Moments from our Short Wilderness Trail
In the car on our drive back home, we reminisced about our days in the bush and some of the memories that stood out:
On our first day, as we left the base camp, a lone elephant bull came down to the river and drank. It was almost as if he arrived especially to welcome us and wish us a happy trail.
One of our most “wow” animal encounters was the massive breeding herd of elephants that came down to the river to drink and play near our bush camp. We watched from the bank, unbeknownst to them. There were hundreds of them and we were sharing their home. We met some of them again from a distance on our final day too as they trumpeted and ran through the bush as we looked on from higher ground.
We walked into three white rhinos and we’re still debating who got the bigger fright- them or us! They were surprised and Mark and Mpila expertly handled the situation as the rhinos decided to flee just a few metres away from us. Mark shouted to ensure they fled away from us and not towards us and they crashed through the bush, quaking the ground as they went. It was incredible and reminded us again how vulnerable we are as humans in the big-boy world of the wild.
We also came across another rhino as well as a buffalo bull which sized us up for a few breath-held moments before moving off.
Some of the highlights were the times we pulled off our shoes and walked through the river’s water as part of our route. There is something indescribably freeing and delicious about sinking your toes into the river sand, ankle deep in river water, completely one with the environment.
We walked along animal-made trails, following the routes they had chosen best. Mark guided us to a number of unbelievable viewpoints which towered above the reserve below. We soaked in those views, perched on the cliff side at Siwasmfene – meaning “baboons view” in Zulu. We peered down over the park at Shaka’s Rock and heard harrowing stories of the Zulu king ordering his subjects to jump to their death from those heights. We lunched in the midday heat on the boulders at Nqabanene meaning “the Fortress” which is linked to the history of Shaka’s battles. Finally on route back to main base camp we got to say goodbye to the wilderness from the iconic spot at Momfu, drinking in the sights of the White Umfolozi River and bush from above. We game watched and took it all in from our God-like vantage points.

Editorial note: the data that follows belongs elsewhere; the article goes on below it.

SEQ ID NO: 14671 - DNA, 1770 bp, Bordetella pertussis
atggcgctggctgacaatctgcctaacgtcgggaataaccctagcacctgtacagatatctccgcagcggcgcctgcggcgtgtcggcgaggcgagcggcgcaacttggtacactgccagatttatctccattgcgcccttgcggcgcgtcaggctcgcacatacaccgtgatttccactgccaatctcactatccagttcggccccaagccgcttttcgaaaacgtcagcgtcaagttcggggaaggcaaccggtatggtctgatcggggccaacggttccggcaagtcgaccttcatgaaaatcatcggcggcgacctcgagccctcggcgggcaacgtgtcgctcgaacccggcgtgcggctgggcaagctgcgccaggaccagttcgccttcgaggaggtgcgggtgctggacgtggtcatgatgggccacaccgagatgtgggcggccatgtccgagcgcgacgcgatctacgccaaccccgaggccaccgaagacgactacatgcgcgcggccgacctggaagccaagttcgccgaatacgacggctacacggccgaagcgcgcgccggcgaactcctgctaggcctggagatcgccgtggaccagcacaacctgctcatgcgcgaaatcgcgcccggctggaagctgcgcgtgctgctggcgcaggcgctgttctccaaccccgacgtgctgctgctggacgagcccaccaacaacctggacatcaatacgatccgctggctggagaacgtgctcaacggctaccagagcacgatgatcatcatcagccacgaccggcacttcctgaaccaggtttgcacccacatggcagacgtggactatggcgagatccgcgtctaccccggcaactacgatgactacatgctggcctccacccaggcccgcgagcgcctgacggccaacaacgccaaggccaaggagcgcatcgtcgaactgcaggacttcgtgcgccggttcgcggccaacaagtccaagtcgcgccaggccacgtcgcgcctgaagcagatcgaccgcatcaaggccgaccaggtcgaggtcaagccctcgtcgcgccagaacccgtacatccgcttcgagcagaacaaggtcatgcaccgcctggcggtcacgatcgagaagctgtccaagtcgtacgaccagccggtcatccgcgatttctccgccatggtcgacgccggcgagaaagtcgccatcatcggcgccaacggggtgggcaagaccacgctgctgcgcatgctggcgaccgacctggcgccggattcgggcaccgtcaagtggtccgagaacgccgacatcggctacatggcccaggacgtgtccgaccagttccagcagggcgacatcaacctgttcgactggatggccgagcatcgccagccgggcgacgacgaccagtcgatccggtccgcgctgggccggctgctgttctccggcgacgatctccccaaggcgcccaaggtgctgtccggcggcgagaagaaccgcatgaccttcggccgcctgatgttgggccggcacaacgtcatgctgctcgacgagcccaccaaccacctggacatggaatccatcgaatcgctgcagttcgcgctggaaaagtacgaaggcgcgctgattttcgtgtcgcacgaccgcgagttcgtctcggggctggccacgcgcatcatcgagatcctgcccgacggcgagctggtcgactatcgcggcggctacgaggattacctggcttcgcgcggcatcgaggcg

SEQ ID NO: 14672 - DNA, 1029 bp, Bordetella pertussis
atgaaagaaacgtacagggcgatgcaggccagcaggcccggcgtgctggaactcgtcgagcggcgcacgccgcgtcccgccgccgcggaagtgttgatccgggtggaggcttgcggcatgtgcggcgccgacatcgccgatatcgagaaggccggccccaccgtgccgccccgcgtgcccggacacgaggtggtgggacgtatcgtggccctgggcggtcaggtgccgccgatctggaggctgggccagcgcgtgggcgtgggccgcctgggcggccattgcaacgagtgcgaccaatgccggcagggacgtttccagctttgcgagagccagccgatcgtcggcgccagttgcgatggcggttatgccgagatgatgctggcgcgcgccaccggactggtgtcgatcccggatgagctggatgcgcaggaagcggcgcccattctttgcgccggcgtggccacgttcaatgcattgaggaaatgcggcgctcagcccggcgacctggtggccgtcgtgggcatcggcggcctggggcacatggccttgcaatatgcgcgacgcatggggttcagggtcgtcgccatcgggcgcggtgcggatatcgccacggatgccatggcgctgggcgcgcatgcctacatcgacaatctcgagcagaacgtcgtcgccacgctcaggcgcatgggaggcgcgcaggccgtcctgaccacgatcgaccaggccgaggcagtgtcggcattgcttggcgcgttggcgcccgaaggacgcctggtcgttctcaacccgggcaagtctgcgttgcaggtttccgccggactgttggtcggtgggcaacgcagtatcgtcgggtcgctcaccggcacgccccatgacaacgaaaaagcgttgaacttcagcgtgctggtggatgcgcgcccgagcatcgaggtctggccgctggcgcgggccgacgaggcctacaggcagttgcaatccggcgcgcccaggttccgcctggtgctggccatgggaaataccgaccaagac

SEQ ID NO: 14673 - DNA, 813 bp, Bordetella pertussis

We snuck in for a look at a baboon’s cave and were treated to a very special show of vultures gliding around together at our eye level.
Our temporary bush camp home was named Mphafa after the Zulu name for the Buffalo Thorn tree. The tree is traditionally used in the Zulu culture to fetch the spirit of a dead Zulu from where he/she died and bring it home to the family dwelling. We settled into a fireside community in camp at night, seated on cushions on the ground at fire level which brought us even closer to our setting. We star gazed and went scorpion hunting in the trees guided by Mark’s special UV torch which made them glow in the dark. We also listened to the chorus of frogs from our tents at nights and heard the distant lions roar and closer hyena whoops.
Camp life is a good life and we fell into the simple ways of co-existing. The equivalent to the “occupied” sign in a loo was if the “toilet hole digging spade” was missing from its spot against the tree. The shower system was that you’d fill your bucket with hot water from the pot on the fire and take it around the back of camp to the outdoor shower spot, with stunning sunset views I might add. Similarly, if the bucket was missing from its spot, the shower was “occupied”.
We cooled ourselves in the river one afternoon after our day’s walk, the water just enough in places to cover our limbs as we absorbed it. It is winter in Zululand but still warm and very dry. There is ample mud though and we reveled in smearing the smooth “export quality” stuff all over us, making ourselves truly one with that river.
The river also doubled as a refrigerator when the South African men buried their few beers in the river bed, under the water to keep cool until our return in the evening. The result: the beers were luke-warm but still so refreshing. Next time, they’ll bury them deeper.